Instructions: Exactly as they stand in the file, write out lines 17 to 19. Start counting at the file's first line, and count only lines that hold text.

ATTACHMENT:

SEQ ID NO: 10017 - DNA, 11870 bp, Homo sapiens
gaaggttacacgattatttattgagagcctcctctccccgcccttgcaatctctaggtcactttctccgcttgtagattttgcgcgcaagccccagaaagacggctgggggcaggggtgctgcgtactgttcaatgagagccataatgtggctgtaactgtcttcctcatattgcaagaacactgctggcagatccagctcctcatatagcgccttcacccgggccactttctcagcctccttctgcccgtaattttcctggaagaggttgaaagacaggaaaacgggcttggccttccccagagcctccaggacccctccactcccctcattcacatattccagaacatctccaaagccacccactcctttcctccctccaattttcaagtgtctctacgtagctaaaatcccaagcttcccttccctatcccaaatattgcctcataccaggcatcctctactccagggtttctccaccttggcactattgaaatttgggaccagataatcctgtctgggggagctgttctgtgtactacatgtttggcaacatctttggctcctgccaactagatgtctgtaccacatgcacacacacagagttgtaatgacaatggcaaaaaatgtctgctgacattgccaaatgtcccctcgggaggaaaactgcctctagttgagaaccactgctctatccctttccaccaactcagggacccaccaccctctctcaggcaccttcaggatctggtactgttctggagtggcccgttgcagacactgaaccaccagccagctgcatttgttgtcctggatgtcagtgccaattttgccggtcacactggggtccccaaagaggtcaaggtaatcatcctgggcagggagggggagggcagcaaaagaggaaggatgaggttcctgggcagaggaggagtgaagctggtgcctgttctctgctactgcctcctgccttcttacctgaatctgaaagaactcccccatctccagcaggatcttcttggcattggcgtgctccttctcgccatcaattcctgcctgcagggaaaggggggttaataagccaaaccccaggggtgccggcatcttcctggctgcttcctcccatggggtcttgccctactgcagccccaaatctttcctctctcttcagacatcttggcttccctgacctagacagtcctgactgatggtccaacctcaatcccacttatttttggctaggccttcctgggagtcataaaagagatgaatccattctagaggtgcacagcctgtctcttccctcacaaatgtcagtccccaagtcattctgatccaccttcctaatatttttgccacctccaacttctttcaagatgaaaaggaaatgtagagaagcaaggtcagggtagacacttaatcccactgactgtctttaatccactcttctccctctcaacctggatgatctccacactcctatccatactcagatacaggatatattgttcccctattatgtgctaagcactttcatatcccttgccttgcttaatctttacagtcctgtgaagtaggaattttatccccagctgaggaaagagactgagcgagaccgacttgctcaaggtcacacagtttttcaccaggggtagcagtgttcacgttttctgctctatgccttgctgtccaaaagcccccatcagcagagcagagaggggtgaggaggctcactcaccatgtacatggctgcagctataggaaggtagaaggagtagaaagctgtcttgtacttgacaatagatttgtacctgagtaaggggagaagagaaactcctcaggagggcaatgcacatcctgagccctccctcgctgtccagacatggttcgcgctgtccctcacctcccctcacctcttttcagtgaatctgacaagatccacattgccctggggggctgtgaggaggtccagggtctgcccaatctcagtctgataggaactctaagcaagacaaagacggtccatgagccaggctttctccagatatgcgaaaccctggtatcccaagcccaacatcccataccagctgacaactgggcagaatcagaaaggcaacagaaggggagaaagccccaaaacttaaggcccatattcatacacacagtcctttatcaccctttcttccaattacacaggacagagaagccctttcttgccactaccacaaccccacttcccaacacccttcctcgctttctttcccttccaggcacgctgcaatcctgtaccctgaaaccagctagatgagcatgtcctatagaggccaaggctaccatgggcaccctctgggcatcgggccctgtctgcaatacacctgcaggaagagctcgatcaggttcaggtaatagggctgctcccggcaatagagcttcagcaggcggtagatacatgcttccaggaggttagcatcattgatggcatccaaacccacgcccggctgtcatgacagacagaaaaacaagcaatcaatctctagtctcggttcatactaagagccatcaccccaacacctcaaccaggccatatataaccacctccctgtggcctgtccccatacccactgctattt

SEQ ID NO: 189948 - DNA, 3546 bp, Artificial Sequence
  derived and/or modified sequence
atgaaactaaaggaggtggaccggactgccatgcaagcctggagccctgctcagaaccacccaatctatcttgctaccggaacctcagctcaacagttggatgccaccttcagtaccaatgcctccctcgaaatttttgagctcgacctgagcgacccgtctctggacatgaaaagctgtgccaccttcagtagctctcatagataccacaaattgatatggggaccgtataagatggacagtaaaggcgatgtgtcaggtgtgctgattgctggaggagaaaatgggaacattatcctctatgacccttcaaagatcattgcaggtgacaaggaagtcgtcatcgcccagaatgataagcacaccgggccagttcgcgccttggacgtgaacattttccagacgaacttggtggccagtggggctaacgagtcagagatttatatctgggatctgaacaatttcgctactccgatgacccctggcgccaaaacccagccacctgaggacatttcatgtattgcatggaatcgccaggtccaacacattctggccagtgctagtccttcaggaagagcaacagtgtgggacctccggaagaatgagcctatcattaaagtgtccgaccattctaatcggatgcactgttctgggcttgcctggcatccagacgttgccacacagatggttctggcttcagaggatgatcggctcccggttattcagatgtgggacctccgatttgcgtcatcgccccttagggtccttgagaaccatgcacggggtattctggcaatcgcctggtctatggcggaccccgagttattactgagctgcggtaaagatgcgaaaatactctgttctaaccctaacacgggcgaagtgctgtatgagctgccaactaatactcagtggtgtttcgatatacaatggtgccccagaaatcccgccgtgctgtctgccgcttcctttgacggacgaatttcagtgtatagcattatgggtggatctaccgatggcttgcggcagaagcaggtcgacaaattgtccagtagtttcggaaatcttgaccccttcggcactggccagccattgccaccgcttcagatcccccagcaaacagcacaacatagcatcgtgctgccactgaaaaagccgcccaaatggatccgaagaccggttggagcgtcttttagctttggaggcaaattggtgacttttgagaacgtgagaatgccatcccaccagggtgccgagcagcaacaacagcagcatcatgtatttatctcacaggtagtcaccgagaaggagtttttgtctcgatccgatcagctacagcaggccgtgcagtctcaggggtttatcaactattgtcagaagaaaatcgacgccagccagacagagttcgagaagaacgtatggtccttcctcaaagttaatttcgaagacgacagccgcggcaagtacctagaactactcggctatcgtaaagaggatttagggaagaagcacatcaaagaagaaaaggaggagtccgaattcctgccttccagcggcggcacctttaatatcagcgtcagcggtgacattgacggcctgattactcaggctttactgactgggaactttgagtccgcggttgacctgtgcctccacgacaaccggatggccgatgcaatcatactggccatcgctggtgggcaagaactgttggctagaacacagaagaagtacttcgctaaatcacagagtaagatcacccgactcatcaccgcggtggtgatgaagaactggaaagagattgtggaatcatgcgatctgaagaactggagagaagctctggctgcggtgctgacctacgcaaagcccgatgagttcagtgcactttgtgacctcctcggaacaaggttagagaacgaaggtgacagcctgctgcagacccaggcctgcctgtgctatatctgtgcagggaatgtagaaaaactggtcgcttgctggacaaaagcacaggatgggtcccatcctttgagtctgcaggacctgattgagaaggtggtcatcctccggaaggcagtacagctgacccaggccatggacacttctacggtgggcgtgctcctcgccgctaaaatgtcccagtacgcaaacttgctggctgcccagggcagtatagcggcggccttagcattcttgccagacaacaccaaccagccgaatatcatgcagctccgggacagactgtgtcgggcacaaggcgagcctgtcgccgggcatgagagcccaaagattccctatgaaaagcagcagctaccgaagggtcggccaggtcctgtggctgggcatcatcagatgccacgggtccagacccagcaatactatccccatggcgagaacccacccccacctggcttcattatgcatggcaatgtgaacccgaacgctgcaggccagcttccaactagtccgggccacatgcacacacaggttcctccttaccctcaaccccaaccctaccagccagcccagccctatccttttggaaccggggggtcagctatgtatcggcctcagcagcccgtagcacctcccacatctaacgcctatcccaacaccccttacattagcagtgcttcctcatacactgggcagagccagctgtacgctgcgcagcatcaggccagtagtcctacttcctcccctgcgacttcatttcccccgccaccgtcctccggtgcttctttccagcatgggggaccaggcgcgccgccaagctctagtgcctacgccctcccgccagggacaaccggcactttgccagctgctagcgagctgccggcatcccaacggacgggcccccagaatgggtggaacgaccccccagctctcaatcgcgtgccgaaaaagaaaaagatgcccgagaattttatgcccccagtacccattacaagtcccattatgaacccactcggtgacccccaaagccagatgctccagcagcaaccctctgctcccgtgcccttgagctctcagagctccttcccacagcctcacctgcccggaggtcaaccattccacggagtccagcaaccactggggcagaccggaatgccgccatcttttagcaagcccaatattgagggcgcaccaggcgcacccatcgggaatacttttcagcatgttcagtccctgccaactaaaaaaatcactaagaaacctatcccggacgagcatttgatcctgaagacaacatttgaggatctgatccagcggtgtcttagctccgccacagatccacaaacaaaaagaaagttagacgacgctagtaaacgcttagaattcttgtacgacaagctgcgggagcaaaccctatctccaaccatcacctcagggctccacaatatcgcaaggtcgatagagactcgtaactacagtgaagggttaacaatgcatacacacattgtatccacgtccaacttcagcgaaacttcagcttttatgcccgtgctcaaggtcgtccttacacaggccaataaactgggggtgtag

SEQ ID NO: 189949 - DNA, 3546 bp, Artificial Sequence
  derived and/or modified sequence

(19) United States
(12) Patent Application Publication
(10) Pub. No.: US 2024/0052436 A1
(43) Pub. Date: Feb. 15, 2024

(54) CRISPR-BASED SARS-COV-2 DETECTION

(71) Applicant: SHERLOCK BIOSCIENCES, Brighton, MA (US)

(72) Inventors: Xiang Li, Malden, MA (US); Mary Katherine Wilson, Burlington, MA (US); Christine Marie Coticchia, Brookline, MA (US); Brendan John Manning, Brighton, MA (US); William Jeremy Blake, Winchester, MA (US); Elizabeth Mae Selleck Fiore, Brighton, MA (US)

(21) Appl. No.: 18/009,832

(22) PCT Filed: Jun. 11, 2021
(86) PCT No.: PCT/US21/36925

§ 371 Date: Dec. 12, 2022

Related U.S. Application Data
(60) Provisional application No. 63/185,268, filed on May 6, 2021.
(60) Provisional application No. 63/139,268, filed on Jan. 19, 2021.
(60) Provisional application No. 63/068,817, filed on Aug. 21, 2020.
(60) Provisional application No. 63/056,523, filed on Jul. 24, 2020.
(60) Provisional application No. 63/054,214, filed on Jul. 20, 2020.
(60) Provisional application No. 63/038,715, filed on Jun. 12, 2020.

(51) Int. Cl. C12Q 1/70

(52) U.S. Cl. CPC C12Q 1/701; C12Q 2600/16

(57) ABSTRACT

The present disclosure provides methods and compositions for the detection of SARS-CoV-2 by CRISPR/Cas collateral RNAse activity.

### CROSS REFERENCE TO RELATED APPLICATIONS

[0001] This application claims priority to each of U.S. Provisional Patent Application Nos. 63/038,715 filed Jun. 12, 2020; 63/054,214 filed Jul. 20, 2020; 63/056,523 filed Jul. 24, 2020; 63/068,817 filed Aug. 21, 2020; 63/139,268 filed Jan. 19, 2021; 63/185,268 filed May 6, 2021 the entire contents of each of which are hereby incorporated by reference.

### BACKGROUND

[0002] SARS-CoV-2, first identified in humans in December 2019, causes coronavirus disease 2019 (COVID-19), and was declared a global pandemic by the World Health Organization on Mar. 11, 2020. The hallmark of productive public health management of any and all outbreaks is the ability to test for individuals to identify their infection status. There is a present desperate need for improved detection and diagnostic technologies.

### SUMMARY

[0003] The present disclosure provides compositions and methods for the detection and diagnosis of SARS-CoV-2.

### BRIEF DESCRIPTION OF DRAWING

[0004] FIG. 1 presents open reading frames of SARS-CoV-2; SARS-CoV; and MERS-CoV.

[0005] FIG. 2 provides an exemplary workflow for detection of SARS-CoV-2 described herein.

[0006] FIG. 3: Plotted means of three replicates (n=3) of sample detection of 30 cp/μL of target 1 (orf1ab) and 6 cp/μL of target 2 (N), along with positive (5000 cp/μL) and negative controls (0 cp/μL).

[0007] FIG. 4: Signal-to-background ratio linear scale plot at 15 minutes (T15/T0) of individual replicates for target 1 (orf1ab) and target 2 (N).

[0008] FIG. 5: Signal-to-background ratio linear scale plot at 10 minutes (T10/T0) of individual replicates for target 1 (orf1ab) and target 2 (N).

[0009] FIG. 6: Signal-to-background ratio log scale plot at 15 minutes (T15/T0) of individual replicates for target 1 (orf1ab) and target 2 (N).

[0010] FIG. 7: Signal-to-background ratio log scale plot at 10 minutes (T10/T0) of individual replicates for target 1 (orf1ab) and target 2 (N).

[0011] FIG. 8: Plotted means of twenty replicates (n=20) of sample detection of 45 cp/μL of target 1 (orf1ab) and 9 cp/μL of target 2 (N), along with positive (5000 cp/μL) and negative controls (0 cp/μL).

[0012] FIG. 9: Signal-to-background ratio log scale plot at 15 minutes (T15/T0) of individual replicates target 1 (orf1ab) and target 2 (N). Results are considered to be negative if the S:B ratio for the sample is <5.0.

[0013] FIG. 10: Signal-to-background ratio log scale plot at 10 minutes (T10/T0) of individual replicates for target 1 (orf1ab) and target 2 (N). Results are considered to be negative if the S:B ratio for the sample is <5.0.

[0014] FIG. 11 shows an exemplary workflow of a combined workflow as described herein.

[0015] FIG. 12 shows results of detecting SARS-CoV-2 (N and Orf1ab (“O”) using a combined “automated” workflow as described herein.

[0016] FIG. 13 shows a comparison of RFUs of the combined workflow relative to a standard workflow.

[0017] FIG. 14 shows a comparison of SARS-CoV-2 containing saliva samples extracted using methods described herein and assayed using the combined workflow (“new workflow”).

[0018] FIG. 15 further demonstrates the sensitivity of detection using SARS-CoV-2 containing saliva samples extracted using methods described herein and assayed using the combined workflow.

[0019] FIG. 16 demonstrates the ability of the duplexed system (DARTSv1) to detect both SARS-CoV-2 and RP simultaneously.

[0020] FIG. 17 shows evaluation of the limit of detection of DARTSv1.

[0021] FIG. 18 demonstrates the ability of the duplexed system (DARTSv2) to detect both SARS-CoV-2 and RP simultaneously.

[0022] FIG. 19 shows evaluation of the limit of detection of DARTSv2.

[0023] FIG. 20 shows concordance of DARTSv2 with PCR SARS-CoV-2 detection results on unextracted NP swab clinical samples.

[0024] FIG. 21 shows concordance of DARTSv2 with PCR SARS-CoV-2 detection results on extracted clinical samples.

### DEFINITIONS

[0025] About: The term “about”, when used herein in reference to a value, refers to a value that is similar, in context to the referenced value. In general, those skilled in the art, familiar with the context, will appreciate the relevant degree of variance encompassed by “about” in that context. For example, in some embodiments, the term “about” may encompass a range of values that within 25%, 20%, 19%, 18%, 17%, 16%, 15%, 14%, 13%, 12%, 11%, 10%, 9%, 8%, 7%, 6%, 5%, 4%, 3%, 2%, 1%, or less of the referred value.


(86) PCT No.: PCT/US21/36925

§ 371 Date: Dec. 12, 2022

Related U.S. Application Data